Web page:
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How far away from the barrel does a scope need to be mounted?

Discussion in 'Rifle Country' started by slowr1der, Sep 20, 2010.

  1. slowr1der

    slowr1der Well-Known Member

    I switched a scope from one gun to another, and ran into a problem. With the only set of rings I have the scope is literally just a hair away from the barrel. If you put a piece of thin computer paper in there, it rubs. You can see light inbetween the barrel and scope, but it's very very close. Is this okay, or do I need higher rings? I've heard the closer the scope is to the barrel the better, but I think I'm too close here. I'm just wondering if after the barrel heats up if it will be touching the scope. Or should I leave it?
  2. Badlander

    Badlander Well-Known Member

    Sounds like it is perfect! let it be.
  3. highorder

    highorder Well-Known Member

  4. JDGray

    JDGray Well-Known Member

    Actually, you need it to be aligned perfectly when you open your eyes after shouldering the rifle with your eyes closed.(Or comfortably against your shoulder prone)
  5. PT1911

    PT1911 Well-Known Member

    Unless you are shooting at long range (for the cartridge) and must compensate for a lot of bullet drop, you want the scope as close to the bore as possible.
  6. JDGray

    JDGray Well-Known Member

    Close to the barrel is desireable, if it fits your face. If you have a very long face, the scope will need to be raised.:D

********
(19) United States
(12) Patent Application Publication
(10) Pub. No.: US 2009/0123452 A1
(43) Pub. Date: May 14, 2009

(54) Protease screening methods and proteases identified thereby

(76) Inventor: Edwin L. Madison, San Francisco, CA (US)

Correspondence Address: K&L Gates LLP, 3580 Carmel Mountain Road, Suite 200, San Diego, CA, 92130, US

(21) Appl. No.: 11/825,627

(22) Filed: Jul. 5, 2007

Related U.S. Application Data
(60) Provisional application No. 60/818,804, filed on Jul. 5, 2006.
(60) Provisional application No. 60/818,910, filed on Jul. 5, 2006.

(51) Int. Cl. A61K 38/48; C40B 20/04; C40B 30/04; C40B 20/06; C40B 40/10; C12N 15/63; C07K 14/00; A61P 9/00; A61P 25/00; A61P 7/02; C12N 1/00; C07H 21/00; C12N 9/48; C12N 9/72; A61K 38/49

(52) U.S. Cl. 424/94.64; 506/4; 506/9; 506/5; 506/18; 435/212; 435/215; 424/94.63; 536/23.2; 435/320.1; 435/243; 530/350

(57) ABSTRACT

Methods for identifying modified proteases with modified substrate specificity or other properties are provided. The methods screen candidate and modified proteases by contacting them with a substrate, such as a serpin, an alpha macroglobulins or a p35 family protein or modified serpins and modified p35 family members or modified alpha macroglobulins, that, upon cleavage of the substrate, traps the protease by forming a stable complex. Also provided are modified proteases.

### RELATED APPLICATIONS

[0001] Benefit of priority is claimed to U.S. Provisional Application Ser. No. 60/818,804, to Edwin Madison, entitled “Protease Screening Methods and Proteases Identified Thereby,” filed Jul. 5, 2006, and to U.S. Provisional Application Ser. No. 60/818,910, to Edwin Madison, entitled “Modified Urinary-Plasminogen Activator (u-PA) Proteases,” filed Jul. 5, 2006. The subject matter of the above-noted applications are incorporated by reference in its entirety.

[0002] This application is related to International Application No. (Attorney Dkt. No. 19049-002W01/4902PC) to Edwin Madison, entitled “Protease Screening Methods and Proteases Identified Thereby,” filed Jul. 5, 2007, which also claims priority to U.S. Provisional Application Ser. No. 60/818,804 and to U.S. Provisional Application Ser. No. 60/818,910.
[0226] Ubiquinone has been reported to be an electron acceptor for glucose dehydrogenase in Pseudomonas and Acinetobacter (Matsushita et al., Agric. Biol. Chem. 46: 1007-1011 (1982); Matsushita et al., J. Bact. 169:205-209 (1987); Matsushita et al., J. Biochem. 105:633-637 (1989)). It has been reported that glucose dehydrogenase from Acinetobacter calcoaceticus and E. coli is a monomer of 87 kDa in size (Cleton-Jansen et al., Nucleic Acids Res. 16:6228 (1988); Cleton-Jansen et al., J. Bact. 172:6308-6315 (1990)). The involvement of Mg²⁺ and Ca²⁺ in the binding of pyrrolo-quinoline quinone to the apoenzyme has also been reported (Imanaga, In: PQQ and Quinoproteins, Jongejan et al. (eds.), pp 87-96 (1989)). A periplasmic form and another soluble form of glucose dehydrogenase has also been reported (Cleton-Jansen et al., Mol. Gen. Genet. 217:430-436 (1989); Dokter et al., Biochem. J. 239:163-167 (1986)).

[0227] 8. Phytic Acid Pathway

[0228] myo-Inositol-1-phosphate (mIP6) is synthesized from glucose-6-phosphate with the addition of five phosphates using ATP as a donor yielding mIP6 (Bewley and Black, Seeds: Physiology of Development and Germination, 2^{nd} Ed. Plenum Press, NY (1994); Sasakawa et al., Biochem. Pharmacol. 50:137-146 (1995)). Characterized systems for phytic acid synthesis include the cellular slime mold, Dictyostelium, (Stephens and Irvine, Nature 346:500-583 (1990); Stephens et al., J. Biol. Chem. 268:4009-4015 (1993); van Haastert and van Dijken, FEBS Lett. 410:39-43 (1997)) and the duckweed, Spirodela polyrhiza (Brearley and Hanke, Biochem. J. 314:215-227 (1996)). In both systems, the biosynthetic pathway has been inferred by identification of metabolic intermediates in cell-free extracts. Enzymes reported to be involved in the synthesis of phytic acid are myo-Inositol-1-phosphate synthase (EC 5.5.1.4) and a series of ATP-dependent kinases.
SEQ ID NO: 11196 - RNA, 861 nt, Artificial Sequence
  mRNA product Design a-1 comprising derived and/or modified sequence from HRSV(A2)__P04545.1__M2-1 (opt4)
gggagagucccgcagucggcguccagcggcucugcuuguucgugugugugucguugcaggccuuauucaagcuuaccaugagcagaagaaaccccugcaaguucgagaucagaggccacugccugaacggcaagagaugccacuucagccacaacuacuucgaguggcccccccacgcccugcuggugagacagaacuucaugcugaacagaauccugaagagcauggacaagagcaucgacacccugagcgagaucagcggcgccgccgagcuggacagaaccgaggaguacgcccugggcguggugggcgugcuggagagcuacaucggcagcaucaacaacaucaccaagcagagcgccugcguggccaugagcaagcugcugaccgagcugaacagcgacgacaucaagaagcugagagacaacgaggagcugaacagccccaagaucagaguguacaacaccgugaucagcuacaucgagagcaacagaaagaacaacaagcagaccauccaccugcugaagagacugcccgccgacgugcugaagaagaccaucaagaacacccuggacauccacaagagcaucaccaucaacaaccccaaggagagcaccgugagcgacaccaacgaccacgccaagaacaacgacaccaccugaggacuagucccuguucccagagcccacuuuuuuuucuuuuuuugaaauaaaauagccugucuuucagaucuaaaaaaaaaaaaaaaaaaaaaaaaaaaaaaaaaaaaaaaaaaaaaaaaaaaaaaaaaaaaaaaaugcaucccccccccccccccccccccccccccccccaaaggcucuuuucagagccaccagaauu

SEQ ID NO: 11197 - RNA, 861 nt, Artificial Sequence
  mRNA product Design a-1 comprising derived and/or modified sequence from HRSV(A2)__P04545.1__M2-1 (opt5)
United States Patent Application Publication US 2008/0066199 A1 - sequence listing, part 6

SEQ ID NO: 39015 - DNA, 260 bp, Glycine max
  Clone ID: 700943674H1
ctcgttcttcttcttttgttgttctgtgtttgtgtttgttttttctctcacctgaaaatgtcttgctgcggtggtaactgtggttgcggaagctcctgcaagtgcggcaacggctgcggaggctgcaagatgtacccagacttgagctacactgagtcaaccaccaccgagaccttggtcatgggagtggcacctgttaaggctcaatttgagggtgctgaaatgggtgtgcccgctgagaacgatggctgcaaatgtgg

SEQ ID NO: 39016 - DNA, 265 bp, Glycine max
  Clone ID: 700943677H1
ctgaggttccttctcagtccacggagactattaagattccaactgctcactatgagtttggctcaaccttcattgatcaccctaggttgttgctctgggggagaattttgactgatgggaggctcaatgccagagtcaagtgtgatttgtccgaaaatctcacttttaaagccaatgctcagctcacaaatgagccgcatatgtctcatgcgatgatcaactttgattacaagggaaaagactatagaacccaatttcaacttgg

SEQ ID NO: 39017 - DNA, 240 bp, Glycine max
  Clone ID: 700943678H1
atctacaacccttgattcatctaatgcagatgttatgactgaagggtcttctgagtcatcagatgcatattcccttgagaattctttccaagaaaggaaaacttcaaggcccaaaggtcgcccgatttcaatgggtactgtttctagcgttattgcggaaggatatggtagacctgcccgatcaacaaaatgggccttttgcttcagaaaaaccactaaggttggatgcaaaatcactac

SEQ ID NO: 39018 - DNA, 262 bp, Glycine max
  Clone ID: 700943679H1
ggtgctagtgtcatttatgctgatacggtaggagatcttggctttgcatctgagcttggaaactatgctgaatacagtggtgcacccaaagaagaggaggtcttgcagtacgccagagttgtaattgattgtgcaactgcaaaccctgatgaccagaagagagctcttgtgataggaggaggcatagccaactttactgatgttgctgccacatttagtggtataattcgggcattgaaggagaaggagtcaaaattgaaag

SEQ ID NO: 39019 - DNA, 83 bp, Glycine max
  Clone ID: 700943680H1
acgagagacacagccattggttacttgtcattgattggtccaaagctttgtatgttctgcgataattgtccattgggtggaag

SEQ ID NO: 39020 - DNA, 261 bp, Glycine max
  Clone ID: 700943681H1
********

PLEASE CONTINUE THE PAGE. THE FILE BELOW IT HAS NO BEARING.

7. slowr1der

    slowr1der Well-Known Member

    It's probably .020" at max. So that's enough room? The scope is actually still too high for me to get a great cheek weld, but due to the design I can't get the scope mounted nearly as low as I'd like.
  8. PT1911

    PT1911 Well-Known Member

    How big is the objective? on what sort of gun?
  9. slowr1der

    slowr1der Well-Known Member

    Well, it's a 40mm objective, but it's also an adjustable objective and it makes it very very close with medium rings where a normal 40mm objective would work.
  10. PT1911

    PT1911 Well-Known Member

    if you are clear of the bore (even if really close) that is fine, your only options are to modify your cheek weld or buy an add on cheek riser.
  11. LemmyCaution

    LemmyCaution Well-Known Member

    For most uses, the optics should be as close to the bore line as possible. This is irrespective of cheek weld, which is an entirely separate issue.

    The exception to this rule comes when one is calculating a maximum Point Blank Range.

    Let's compare a somewhat odd example (just because it's what I have loaded in GNU Ballistics right now).

    Assuming an M852 NATO round (168gr OTM in 7.62x51 at 2650fps MV), with the centerline of the optics at 0.5" above the bore line and a vital zone of 10"Ø, the minimum PBR is 0 yards. The maximum PBR is 311 yards.

    If we move the centerline of the optic to 2" above the bore line, the minimum PBR is 0 yards, but the maximum PBR moves to 326 yards.